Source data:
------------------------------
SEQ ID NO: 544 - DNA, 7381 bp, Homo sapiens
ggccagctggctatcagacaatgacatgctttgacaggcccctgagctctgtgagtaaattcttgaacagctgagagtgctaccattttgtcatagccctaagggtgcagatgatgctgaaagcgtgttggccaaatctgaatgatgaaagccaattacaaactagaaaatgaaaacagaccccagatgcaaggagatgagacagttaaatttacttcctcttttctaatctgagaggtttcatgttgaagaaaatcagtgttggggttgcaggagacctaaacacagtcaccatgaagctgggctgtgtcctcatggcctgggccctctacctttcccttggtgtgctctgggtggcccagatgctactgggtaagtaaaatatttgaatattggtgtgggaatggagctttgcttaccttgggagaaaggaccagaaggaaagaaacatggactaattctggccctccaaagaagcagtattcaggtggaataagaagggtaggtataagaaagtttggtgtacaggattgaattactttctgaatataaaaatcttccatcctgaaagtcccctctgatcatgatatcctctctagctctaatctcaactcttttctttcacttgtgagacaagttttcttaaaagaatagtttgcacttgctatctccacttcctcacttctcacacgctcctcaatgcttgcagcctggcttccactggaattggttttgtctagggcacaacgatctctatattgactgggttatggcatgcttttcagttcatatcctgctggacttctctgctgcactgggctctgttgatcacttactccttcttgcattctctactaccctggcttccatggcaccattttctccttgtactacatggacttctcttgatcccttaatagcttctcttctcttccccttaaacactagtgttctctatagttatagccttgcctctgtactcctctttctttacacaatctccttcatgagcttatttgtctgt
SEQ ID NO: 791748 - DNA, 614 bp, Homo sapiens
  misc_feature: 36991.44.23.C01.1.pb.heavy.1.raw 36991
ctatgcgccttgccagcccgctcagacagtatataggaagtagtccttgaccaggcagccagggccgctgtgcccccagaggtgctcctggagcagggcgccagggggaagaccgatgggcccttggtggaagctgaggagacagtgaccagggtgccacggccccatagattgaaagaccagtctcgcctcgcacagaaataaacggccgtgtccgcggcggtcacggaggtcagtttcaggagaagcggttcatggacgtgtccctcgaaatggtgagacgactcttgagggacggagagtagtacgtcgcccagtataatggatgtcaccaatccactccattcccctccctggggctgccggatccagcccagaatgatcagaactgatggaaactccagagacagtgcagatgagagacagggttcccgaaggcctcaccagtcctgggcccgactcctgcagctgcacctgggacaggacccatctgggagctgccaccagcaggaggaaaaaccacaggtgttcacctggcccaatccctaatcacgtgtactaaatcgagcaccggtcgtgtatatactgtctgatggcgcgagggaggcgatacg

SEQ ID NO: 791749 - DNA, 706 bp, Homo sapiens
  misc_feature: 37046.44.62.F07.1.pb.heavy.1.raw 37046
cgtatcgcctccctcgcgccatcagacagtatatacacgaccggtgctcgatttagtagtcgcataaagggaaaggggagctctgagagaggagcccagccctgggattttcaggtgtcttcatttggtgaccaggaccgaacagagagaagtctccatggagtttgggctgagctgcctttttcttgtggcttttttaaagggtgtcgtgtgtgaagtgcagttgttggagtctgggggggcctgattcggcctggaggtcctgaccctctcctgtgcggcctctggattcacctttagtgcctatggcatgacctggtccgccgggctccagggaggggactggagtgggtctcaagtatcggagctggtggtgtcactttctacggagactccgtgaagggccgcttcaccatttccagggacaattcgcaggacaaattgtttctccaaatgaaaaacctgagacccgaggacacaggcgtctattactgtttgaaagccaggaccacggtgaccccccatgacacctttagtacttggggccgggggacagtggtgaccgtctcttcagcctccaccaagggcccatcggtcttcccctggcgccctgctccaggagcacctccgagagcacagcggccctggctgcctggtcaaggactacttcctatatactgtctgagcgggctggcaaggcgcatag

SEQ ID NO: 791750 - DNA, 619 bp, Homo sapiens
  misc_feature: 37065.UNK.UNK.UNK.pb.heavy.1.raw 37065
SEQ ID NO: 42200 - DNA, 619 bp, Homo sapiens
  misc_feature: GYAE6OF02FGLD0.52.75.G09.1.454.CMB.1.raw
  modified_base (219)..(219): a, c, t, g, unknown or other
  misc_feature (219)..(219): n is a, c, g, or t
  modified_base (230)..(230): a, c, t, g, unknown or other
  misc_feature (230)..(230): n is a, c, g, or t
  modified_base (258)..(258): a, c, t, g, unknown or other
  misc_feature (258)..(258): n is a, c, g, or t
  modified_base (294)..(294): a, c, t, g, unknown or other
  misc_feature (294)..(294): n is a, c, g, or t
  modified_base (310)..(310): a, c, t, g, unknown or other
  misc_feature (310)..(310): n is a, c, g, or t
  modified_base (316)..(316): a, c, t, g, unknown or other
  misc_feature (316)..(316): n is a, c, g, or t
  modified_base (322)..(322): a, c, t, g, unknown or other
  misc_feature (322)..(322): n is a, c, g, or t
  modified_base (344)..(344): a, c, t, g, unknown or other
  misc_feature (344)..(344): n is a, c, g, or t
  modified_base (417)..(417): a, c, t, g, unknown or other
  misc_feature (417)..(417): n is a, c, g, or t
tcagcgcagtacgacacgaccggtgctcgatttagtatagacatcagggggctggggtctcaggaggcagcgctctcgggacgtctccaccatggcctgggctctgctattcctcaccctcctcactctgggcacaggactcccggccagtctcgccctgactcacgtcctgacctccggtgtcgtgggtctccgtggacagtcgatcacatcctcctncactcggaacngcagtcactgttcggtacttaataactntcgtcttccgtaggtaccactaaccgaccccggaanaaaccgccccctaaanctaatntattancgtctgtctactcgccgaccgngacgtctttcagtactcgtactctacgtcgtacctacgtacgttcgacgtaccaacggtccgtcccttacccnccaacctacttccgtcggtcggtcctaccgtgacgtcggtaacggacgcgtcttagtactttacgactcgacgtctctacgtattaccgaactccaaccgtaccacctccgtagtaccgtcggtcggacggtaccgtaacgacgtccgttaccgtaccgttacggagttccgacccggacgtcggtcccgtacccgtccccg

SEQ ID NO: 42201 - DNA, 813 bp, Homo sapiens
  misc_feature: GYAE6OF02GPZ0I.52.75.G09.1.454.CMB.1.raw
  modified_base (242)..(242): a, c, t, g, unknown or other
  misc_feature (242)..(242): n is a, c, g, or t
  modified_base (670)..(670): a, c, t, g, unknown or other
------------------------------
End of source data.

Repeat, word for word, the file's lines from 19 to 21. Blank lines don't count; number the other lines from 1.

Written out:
  modified_base (294)..(294): a, c, t, g, unknown or other
  misc_feature (294)..(294): n is a, c, g, or t
  modified_base (310)..(310): a, c, t, g, unknown or other